The 2021 Supra also comes with a limited edition version called the A91 Edition, denoted by a black edge on the spoiler, some C-pillar graphics that look like a Day Two add-on for a kaido racer, and matte black wheels. Only 1,000 of them will be made, in either black or a new A91 exclusive blue called Refraction (pictured).

Last year, Toyota allocated 1,500 Supras for a limited Launch Edition, In hindsight, that was an optimistic number, as it was more than half the total number of Supras sold in 2019. Will the updates help? We shall see when the 2021 Supras hit dealers in June.

Images courtesy of Toyota

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20 Responses to Toyota is already giving the A90 Supra significant updates

  1. Steven said:

    Hmmmm… I wonder how many more they could have sold if they offered it with a three-pedal M/T…

    Oh, and I suspect those $25k “market adjustments” by the dealers didn’t help things either.

  2. Kieron said:

    Sure I saw the Supra with a 3SGTE in race form in some classes. Not ever sold like that but not new for a Supra to have a 4pot.

  3. BlitzPig said:

    They should revise that hideous rear styling while they are at it.

    Really, it’s awful.

  4. Negishi no Keibajo said:

    As a average Joe on the street, I think they need a little more visibility for the model. After all, halo models are supposed to get people in the door. Kind of like “Race on Sunday, sell on Monday”. Nothing pops out at me in public about the model right now like the buzz around the new Miata when it came out… but then I’m just average Joe.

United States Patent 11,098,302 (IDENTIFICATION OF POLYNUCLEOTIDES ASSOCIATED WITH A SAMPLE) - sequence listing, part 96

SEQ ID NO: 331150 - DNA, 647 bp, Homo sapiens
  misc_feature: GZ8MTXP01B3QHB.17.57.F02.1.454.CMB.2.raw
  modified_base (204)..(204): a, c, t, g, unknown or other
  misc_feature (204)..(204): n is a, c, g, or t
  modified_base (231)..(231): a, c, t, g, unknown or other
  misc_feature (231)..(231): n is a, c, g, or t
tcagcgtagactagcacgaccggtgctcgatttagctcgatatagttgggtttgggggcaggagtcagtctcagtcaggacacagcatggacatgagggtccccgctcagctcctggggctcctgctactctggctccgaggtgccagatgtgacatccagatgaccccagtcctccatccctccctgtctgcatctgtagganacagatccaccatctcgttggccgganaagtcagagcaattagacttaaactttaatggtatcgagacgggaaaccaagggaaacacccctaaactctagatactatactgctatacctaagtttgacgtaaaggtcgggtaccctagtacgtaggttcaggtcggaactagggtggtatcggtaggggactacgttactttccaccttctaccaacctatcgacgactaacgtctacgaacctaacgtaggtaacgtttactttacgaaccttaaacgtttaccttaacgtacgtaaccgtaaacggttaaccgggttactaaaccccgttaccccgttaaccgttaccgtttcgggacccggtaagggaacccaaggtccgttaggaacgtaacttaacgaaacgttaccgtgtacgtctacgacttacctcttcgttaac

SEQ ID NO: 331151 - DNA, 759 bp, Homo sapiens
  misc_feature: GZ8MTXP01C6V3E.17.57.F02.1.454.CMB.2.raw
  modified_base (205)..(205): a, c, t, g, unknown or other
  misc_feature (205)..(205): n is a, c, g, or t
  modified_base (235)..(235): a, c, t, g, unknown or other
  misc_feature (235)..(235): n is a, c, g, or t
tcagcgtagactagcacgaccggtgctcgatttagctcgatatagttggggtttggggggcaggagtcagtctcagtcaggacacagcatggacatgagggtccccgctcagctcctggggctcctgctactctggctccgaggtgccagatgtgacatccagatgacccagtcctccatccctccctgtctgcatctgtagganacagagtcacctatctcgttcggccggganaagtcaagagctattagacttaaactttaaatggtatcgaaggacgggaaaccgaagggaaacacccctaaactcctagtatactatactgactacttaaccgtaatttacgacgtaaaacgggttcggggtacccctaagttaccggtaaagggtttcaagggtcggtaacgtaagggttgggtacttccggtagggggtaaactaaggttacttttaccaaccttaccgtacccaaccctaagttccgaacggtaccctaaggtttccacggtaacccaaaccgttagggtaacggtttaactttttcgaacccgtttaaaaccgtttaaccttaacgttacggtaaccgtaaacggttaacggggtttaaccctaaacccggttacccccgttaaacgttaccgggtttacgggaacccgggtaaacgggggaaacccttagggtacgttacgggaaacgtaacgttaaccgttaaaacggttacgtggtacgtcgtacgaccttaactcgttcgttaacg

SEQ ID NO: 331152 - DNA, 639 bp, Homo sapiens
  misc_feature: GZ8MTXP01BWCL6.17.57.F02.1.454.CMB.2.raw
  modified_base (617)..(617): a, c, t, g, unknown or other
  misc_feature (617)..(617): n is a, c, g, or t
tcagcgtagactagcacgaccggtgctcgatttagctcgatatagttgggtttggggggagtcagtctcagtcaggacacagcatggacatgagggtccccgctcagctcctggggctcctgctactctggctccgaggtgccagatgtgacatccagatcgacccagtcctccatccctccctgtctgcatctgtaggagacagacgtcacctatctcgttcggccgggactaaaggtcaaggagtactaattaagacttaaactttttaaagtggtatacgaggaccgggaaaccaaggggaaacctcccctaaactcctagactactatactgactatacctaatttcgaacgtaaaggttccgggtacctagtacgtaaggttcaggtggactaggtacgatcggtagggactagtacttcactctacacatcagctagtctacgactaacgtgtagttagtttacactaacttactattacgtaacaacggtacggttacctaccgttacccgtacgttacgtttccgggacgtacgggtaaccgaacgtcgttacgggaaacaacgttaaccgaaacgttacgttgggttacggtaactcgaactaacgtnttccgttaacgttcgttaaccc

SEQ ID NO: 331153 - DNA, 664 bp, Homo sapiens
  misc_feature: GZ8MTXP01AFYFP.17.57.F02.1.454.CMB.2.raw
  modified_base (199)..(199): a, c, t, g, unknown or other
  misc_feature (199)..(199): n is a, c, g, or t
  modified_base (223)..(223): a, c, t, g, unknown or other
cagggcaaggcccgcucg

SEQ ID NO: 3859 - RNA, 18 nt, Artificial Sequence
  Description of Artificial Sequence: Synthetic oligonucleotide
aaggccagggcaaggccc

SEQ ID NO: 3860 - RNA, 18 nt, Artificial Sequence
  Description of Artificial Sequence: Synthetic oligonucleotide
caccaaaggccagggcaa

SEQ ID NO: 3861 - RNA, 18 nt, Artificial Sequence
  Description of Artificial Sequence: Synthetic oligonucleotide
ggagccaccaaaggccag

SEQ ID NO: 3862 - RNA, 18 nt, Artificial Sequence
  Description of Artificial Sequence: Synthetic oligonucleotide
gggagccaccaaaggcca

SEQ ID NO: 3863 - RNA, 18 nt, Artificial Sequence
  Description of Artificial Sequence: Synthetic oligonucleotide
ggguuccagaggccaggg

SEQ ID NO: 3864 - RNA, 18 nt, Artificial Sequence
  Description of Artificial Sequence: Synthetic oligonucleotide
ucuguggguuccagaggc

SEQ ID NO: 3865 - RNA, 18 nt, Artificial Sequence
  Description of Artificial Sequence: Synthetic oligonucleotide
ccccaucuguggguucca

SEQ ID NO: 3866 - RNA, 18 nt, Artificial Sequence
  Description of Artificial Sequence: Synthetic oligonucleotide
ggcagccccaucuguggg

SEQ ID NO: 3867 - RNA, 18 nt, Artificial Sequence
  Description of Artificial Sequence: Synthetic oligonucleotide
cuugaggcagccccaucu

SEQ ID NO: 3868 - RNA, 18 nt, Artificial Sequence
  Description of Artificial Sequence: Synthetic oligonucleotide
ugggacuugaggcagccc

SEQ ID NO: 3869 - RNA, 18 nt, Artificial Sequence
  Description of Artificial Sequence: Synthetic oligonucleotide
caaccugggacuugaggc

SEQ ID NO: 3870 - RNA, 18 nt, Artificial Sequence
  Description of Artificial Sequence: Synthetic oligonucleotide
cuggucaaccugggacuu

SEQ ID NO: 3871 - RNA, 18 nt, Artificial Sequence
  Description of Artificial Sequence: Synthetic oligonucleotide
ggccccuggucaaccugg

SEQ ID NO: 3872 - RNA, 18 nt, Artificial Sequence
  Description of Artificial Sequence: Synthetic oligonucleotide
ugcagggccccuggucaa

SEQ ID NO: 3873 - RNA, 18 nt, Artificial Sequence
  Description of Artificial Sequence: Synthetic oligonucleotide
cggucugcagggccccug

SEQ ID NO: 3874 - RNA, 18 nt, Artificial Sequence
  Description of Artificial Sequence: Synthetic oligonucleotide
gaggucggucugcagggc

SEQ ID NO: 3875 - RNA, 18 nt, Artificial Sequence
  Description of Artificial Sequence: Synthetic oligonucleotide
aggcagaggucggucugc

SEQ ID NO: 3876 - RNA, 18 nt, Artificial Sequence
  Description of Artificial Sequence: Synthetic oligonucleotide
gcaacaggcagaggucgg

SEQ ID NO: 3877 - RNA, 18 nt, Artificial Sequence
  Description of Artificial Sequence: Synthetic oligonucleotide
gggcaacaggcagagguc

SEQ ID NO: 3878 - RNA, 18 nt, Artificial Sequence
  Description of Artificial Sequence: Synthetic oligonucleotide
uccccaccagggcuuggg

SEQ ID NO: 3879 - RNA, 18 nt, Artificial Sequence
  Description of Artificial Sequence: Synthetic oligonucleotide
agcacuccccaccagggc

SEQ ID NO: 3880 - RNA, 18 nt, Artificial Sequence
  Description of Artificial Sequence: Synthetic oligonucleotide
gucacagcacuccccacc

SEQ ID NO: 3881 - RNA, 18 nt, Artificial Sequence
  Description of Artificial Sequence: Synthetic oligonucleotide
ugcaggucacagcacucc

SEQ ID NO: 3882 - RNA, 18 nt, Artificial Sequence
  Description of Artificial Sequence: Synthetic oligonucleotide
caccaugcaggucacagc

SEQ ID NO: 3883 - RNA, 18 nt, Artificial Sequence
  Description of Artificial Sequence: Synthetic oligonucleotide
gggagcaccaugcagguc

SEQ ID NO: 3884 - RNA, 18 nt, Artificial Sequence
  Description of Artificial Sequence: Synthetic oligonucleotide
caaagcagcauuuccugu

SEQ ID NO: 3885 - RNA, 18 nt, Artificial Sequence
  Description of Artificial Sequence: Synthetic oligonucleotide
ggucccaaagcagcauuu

• BlitzPig said:

      I blame Toyota’s North American dealers for this. Go into any of them anywhere in the US and they will try as hard as possible to put you into an SUV or a Camry. they don’t know how to sell enthusiast cars, and frankly don’t care to as the gravy for them is in their boring cars for boring people.

      • pete240z said:

        I stopped this week at the Chicago Auto Show and was in the Nissan booth talking to a factory rep and I asked when/what the plans are on the next Z car and how Nissan is a bit long in redesigning the Z and Frontier. He was all about the Altima and how many of those they are selling…….I told him Nissan is selling Buicks and he didn’t get it.

        Next booth? Veloster N.

      • Negishi no Keibajo said:

        I also think it’s a difficult environment when you drive down the street & you see the same megadealer controlling every imaginable marque: Joe Toyota, Joe Nissan, Joe Buick, Joe Chevrolet, Joe Lincoln, Joe Nissan. They probably are all in on the very same sales conference call every week. Joe just wants cash. He cares less about marques.

  5. Billy1 said: